Then mid June the tomatoes started to grow and soon the tops of the plants were touching the top bar of the bamboo frame. And all this time I was thieving the plants to prevent empty branches from using up too much energy. Well… I found out something very useful for next year: Climbing tomatoes produce thieves… that actually produce blossoms! Except that, just like with the main stem, the first 50% does not. On the first picture it would not have been wise already to clip the first half of the plant free of sidebranches. On the second picture I already emptied the first 60 cm of the main stem free of sidebranches, but you don’t see it because there is a rainforest growing on top. If you wonder about the heights, the first picture has the plants at around 1m30-1m50 (4-5 feet). The second picture shows them at 2m+, 7 feet tall and touching the roof before they grow sideways. Also not easy to see are the sidebranches above 1 meter height, some of them are over 1m50 long and grow through the other plants, all of them baring blossom or fruit! Most of the tomato plants also split themselves in 2 main stems or 3 or 4, each going in a slightly different direction but still up. I didn’t know tomatoes did that! I knew it of peppers, but not tomatoes.

As for the eggplants (aubergines), the first picture shows them at 40-50 cm, which only happened end of June. That was also the time where they started to produce beautiful purple, yellow and white flowers. I was afraid that like this, the eggplants would hang down in touch the ground, but my fear was unfounded: in the past 2 weeks, they doubled in height! The first picture is a close up, the second picture was taken in the dooropening of the tunnel. And yes here I also took some of the lower level leaves away. By the way, the leaves of eggplants are in general very fluffy, with tiny white ‘hairs’ on both sides of the leaf. Except for the Thai green pea eggplant: those ‘hairs’ aren’t cute at all and the leaves feel like a cactus! Way in the back you see two peppersorts growing. At the far end it is Poseidon, a generic type of bell pepper, a bit sweeter than normal and before that I planted some Jalapeno. Those do strangely well here, even though they are supposed to be (sub)tropical. They also do great outside in acidic soil in the forest, because I am experimenting with what I can put outside and what not. By the way, here a Jalapeno pepper is considered ‘mild’.Next time I hope to be able to show some finished veg and tomatoes!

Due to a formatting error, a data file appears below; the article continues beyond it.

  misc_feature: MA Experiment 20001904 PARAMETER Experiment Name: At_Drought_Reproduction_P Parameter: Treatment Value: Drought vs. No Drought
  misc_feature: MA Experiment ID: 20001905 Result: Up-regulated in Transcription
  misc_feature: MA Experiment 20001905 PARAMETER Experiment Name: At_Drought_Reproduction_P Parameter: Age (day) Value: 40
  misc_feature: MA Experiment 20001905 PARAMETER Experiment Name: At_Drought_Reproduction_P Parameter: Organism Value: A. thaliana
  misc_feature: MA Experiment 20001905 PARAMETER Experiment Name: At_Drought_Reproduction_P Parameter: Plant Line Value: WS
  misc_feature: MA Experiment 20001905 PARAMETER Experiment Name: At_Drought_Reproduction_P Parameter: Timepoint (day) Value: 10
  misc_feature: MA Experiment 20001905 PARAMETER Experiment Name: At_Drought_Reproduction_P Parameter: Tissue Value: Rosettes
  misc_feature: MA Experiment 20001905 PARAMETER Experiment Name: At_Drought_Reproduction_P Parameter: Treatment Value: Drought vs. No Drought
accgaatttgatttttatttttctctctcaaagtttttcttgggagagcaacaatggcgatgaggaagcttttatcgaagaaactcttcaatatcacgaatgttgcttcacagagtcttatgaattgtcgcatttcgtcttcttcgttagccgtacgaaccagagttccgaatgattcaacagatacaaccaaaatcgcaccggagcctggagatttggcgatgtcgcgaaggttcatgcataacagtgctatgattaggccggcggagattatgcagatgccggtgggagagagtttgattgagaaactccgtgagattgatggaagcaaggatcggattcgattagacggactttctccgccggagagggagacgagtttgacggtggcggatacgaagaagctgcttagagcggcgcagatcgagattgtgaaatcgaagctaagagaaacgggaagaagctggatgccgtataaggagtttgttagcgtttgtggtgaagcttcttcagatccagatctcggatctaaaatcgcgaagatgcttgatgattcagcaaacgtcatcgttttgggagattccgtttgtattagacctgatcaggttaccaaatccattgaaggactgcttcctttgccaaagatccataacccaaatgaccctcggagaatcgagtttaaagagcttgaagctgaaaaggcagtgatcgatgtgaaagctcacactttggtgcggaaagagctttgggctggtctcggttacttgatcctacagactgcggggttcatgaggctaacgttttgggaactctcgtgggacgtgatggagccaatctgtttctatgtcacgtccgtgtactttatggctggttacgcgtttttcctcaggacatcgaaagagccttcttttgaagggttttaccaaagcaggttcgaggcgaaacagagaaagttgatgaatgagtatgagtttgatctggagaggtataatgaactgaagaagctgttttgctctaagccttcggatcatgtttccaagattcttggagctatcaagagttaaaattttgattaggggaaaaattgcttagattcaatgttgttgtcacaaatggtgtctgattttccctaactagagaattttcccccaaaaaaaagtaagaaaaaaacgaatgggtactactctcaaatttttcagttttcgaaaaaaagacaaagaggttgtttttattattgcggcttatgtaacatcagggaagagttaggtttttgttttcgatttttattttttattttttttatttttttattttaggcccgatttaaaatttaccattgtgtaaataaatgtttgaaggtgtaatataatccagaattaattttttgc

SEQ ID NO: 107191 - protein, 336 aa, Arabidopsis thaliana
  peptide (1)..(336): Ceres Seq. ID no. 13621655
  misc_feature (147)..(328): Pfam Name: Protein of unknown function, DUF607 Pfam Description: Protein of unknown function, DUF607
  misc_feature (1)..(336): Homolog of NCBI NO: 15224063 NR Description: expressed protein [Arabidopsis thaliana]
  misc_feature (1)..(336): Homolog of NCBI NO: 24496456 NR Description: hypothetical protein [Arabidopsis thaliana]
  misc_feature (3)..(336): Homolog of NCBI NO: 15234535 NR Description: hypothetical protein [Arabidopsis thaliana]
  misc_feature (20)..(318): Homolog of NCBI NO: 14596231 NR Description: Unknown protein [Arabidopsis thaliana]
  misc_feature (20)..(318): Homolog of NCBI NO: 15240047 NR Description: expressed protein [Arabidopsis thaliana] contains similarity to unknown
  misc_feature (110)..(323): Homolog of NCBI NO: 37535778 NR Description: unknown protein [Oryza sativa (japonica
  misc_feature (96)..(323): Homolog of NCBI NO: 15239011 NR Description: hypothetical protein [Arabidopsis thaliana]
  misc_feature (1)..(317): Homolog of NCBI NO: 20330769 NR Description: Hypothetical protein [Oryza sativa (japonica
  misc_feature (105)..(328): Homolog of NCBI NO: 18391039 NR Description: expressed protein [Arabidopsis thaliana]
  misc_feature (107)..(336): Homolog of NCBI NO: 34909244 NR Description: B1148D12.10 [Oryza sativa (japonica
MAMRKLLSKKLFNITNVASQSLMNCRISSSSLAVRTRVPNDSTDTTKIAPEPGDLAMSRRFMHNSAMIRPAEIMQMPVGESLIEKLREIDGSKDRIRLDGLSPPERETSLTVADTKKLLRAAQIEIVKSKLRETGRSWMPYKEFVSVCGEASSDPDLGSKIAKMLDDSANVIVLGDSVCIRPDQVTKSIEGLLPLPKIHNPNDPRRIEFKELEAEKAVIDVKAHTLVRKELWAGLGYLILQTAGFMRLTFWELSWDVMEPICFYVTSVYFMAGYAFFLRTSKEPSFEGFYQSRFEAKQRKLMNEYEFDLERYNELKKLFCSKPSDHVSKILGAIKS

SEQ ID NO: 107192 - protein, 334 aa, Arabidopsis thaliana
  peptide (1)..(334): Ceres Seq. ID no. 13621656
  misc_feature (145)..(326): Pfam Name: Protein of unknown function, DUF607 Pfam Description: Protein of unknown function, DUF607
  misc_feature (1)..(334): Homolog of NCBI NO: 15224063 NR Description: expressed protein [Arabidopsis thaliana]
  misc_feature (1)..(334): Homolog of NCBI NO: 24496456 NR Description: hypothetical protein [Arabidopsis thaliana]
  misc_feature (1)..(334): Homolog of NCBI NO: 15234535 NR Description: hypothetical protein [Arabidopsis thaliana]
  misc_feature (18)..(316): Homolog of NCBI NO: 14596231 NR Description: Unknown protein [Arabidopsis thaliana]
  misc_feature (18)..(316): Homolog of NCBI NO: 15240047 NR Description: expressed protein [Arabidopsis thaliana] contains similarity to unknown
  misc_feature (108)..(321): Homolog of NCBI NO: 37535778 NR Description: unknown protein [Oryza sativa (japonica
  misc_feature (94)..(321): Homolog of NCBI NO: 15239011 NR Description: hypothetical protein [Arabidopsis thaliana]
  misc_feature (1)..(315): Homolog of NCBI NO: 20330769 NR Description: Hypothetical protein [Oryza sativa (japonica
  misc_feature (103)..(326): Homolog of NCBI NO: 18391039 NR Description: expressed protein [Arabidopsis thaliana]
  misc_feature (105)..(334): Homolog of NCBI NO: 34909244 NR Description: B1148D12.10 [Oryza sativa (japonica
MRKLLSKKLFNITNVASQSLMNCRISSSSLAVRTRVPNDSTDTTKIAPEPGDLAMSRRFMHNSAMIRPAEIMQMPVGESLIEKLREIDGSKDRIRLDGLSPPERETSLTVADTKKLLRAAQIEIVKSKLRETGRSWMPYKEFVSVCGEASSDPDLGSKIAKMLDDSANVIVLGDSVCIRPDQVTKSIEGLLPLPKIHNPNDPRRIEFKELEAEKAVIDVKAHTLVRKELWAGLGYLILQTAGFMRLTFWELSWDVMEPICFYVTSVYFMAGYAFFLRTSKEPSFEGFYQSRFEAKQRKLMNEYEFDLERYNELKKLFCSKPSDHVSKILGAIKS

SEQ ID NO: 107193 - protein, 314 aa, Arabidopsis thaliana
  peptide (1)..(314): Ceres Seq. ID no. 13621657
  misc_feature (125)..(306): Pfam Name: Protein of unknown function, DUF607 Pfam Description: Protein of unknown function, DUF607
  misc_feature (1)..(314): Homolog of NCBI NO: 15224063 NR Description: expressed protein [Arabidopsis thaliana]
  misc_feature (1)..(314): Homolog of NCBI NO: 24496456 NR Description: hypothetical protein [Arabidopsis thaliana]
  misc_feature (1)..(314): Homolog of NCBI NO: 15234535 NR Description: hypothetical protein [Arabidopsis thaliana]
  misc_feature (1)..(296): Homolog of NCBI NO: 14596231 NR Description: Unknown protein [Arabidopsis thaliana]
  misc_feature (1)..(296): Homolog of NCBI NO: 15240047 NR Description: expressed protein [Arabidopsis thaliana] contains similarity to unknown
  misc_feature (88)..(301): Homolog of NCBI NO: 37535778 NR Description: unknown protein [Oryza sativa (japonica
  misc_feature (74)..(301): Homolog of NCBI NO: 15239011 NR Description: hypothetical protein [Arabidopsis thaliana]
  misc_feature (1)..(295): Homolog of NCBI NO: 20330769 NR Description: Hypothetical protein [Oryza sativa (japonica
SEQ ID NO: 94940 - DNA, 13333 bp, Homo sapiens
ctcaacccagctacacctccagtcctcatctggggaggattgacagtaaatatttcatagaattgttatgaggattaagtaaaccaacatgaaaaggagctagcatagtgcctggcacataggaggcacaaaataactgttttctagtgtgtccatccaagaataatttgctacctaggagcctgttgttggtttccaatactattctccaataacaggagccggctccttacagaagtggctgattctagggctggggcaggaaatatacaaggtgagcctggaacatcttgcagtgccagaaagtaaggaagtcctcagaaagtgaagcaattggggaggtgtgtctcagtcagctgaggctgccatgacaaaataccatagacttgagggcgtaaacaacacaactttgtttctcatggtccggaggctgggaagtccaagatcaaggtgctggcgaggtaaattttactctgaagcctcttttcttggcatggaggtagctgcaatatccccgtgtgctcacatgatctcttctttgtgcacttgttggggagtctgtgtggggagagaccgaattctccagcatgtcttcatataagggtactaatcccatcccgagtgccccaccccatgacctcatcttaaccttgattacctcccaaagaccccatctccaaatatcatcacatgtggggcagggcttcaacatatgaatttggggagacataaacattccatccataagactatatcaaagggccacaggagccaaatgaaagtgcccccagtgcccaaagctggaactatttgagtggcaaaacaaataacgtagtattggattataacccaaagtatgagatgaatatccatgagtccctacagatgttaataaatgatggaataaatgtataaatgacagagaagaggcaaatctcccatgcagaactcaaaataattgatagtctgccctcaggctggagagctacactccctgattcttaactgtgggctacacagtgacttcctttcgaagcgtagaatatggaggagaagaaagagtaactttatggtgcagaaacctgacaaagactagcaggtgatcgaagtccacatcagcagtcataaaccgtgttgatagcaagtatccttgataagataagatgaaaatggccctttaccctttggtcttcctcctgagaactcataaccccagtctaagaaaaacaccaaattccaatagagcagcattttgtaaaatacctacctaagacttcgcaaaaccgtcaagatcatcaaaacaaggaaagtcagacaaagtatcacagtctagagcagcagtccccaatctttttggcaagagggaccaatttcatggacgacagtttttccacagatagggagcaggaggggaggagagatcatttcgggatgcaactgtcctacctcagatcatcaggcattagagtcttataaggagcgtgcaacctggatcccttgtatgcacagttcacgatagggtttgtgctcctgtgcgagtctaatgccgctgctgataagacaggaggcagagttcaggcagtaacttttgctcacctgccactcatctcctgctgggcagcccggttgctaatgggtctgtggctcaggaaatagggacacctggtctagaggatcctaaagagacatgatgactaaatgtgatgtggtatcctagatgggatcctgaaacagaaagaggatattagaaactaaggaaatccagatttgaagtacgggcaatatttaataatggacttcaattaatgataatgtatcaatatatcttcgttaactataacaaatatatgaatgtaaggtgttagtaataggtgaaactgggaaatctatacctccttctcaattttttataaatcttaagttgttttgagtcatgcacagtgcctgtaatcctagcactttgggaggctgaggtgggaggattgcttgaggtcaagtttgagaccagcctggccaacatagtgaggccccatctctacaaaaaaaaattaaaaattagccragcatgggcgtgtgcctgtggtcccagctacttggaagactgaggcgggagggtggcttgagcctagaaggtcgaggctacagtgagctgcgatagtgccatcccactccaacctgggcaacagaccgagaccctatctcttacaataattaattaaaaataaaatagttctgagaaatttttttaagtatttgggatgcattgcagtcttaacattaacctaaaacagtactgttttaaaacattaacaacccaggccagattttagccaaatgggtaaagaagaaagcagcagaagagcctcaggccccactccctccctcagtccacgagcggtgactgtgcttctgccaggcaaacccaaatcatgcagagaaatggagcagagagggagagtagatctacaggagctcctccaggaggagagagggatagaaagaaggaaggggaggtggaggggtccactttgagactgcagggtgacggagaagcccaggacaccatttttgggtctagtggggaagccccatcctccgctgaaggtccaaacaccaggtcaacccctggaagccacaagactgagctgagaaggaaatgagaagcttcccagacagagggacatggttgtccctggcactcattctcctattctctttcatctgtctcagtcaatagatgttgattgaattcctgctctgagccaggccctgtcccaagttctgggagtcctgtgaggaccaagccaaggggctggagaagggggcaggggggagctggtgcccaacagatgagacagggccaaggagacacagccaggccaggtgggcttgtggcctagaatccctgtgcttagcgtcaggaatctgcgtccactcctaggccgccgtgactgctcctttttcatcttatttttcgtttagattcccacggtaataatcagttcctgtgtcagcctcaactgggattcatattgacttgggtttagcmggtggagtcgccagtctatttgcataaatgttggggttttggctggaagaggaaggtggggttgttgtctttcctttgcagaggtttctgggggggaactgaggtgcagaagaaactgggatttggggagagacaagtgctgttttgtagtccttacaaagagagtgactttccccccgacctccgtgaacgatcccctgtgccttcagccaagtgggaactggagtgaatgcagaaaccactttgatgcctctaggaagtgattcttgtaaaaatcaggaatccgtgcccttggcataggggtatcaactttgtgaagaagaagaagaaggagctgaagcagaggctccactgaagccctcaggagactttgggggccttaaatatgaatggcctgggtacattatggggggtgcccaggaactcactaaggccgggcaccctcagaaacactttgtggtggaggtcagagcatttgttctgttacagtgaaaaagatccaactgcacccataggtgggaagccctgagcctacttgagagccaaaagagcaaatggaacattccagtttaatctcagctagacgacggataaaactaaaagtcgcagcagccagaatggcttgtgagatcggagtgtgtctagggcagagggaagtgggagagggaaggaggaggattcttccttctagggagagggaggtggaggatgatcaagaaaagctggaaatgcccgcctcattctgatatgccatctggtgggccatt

1. Christie777

    Thank you for sharing new pictures Pieter hun *hugs* It is obvious that inside polytunnel plants feel great and growing very nice. It will be very nice to see baby tomato, pepper, eggplants growing there soon. And i am very sorry about strawberry, garlic and other plants not growing so well outside because of rain weather. I hope that strawberries will give more fruits though 🙂 You are working hard in your garden and i am sure it will reward you soon with yummy harvest 😉 Thank you very much hun again for this nice story of your garden progress and pictures 🙂

  2. Paws Arwen

    I’m sorry about the rain Mordy I promise I didn’t blow it over to you. Nice you have updated us on the progress I hope you will have time to keep updating us once you start harvesting.
    I don’t know if you have stinging nettles around or in your forest but I have heard that they can make a very good feed for Tomatoes, but please wear gloves if you attempt to try.

  3. Clarice

    woot looking good morde and i loveeee that i can come in here and find my way around lol

  4. Mad Mordegai

    Thanks 🙂
    Yes Paws, I have a good batch of nettle-water (stinks terribly) ready. But I learned pretty early in this process that nettle water, mostly nitrates, is for stems and leaves, posphates are for root growth and potassium is for fruit and flowers. So as you plant it, phosphor, as it grows, nitrates, as the flowers come, potassium, and that works pretty well!. I counted about 20 tiny peppers and 30 small tomatoes in the polytunnel, and about 100+ flowers there so now they get potassium. Same outside… My current issue is… how do I support the huge stems and branches that insist on growing in all directions. One of the tomatoes is growing like crazy outside the bed outside, and I don’t want to cut it…. because it has lots of bunches of flowers…